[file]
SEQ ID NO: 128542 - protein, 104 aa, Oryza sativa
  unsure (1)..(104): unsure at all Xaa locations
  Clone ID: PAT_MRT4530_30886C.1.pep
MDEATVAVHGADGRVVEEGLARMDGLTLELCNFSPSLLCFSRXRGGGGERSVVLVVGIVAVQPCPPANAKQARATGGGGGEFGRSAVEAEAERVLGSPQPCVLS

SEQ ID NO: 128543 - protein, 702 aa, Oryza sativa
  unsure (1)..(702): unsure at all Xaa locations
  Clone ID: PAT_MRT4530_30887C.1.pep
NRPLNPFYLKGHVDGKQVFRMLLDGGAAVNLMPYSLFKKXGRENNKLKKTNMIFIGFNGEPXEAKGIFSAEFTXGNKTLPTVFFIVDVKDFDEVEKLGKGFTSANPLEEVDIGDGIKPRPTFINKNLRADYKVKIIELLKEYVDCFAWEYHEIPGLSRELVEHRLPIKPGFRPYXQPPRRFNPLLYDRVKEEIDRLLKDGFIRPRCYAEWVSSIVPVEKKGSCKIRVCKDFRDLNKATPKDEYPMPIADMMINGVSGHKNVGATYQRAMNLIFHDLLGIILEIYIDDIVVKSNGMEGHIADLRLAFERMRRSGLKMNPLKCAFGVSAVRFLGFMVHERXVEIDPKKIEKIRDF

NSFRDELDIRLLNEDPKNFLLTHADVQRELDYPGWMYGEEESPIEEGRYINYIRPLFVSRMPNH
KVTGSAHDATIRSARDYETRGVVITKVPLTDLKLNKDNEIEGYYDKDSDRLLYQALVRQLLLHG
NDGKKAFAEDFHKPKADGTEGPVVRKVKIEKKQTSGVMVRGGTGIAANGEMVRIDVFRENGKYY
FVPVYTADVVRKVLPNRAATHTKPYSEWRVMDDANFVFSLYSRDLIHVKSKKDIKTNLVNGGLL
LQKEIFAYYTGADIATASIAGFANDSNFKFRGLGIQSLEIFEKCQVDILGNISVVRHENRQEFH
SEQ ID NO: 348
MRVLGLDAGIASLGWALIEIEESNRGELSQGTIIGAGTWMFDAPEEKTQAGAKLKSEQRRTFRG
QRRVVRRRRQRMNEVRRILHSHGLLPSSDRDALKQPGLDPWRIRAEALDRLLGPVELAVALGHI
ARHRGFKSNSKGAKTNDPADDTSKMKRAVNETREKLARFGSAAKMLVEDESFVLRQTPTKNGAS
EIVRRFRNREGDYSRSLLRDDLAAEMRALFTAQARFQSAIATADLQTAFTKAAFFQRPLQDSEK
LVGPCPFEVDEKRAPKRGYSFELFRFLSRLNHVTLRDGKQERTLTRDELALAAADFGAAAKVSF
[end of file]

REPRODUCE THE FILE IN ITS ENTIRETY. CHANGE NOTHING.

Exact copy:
SEQ ID NO: 128542 - protein, 104 aa, Oryza sativa
  unsure (1)..(104): unsure at all Xaa locations
  Clone ID: PAT_MRT4530_30886C.1.pep
MDEATVAVHGADGRVVEEGLARMDGLTLELCNFSPSLLCFSRXRGGGGERSVVLVVGIVAVQPCPPANAKQARATGGGGGEFGRSAVEAEAERVLGSPQPCVLS

SEQ ID NO: 128543 - protein, 702 aa, Oryza sativa
  unsure (1)..(702): unsure at all Xaa locations
  Clone ID: PAT_MRT4530_30887C.1.pep
NRPLNPFYLKGHVDGKQVFRMLLDGGAAVNLMPYSLFKKXGRENNKLKKTNMIFIGFNGEPXEAKGIFSAEFTXGNKTLPTVFFIVDVKDFDEVEKLGKGFTSANPLEEVDIGDGIKPRPTFINKNLRADYKVKIIELLKEYVDCFAWEYHEIPGLSRELVEHRLPIKPGFRPYXQPPRRFNPLLYDRVKEEIDRLLKDGFIRPRCYAEWVSSIVPVEKKGSCKIRVCKDFRDLNKATPKDEYPMPIADMMINGVSGHKNVGATYQRAMNLIFHDLLGIILEIYIDDIVVKSNGMEGHIADLRLAFERMRRSGLKMNPLKCAFGVSAVRFLGFMVHERXVEIDPKKIEKIRDF

NSFRDELDIRLLNEDPKNFLLTHADVQRELDYPGWMYGEEESPIEEGRYINYIRPLFVSRMPNH
KVTGSAHDATIRSARDYETRGVVITKVPLTDLKLNKDNEIEGYYDKDSDRLLYQALVRQLLLHG
NDGKKAFAEDFHKPKADGTEGPVVRKVKIEKKQTSGVMVRGGTGIAANGEMVRIDVFRENGKYY
FVPVYTADVVRKVLPNRAATHTKPYSEWRVMDDANFVFSLYSRDLIHVKSKKDIKTNLVNGGLL
LQKEIFAYYTGADIATASIAGFANDSNFKFRGLGIQSLEIFEKCQVDILGNISVVRHENRQEFH
SEQ ID NO: 348
MRVLGLDAGIASLGWALIEIEESNRGELSQGTIIGAGTWMFDAPEEKTQAGAKLKSEQRRTFRG
QRRVVRRRRQRMNEVRRILHSHGLLPSSDRDALKQPGLDPWRIRAEALDRLLGPVELAVALGHI
ARHRGFKSNSKGAKTNDPADDTSKMKRAVNETREKLARFGSAAKMLVEDESFVLRQTPTKNGAS
EIVRRFRNREGDYSRSLLRDDLAAEMRALFTAQARFQSAIATADLQTAFTKAAFFQRPLQDSEK
LVGPCPFEVDEKRAPKRGYSFELFRFLSRLNHVTLRDGKQERTLTRDELALAAADFGAAAKVSF